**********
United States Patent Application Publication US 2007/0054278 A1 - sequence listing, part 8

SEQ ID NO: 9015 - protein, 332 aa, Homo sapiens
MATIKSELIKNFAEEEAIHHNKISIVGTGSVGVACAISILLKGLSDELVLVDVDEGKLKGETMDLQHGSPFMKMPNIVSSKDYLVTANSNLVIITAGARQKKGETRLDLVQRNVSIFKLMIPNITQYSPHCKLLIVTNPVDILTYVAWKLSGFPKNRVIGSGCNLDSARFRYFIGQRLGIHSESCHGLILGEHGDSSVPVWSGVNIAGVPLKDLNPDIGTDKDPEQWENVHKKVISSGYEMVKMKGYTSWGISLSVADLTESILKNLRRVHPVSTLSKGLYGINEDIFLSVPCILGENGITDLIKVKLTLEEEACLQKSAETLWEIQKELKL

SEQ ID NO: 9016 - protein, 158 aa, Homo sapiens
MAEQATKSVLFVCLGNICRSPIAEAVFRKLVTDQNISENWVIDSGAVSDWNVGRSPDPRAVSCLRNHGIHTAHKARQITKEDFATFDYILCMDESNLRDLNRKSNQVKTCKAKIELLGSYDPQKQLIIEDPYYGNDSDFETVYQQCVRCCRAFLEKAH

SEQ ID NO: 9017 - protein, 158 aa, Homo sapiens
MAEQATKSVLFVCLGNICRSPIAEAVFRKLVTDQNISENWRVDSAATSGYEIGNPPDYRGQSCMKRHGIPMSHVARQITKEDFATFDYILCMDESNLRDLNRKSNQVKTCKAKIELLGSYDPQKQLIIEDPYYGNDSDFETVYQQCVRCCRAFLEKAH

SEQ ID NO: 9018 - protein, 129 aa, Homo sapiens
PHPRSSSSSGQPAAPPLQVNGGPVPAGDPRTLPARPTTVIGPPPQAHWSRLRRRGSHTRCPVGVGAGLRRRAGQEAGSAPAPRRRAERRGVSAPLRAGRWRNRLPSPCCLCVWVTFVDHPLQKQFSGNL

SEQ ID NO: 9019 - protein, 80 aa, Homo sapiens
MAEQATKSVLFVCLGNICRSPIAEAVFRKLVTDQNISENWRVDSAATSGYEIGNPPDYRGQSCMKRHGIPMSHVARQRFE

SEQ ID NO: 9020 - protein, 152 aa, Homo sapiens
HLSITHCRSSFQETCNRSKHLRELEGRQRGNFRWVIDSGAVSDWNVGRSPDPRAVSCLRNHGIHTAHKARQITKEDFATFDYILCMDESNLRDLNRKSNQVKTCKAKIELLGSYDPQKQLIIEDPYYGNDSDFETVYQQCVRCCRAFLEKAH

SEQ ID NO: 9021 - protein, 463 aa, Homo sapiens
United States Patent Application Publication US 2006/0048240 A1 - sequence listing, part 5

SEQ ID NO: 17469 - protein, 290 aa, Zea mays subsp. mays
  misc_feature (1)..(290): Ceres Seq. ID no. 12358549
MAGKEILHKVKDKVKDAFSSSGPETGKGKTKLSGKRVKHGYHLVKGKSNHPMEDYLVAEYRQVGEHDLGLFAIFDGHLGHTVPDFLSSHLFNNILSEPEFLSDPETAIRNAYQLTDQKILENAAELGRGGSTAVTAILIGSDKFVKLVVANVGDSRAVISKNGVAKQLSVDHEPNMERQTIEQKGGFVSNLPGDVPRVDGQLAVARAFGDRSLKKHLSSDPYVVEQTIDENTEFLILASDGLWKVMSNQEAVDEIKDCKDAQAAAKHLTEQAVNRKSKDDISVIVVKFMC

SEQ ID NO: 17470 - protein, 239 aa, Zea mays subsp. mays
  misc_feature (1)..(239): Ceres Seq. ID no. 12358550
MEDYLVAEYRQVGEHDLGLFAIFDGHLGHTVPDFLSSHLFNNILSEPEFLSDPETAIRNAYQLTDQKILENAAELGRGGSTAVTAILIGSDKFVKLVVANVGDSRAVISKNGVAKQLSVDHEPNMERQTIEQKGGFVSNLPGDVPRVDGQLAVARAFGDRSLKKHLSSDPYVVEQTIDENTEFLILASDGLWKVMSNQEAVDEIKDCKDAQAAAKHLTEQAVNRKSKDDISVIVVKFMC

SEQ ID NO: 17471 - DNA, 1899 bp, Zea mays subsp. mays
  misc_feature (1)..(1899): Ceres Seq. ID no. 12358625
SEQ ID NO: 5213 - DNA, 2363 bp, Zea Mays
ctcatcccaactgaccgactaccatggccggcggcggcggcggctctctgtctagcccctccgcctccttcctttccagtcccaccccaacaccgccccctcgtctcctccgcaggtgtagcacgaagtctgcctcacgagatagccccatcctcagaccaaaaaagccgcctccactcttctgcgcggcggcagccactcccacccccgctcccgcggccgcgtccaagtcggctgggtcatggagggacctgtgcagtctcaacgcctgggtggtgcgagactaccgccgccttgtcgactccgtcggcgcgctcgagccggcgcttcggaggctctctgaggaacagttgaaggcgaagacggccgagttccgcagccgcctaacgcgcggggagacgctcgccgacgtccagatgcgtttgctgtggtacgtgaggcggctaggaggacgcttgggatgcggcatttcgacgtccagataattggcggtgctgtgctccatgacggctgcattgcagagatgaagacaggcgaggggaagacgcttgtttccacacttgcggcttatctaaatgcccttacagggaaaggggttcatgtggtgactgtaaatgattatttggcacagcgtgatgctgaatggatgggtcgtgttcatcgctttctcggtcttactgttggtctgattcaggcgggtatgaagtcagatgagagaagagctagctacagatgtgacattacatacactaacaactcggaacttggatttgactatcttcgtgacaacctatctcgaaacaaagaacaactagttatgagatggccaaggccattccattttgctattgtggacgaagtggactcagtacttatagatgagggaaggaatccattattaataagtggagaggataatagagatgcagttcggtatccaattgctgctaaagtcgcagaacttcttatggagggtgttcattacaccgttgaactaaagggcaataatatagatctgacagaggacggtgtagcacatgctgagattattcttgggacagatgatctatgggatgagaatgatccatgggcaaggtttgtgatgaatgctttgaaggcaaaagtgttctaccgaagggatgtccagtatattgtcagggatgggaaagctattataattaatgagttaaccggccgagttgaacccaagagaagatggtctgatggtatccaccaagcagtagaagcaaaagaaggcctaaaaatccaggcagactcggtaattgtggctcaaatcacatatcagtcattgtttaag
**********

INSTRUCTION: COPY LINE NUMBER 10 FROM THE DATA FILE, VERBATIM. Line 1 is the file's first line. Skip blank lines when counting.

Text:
SEQ ID NO: 9019 - protein, 80 aa, Homo sapiens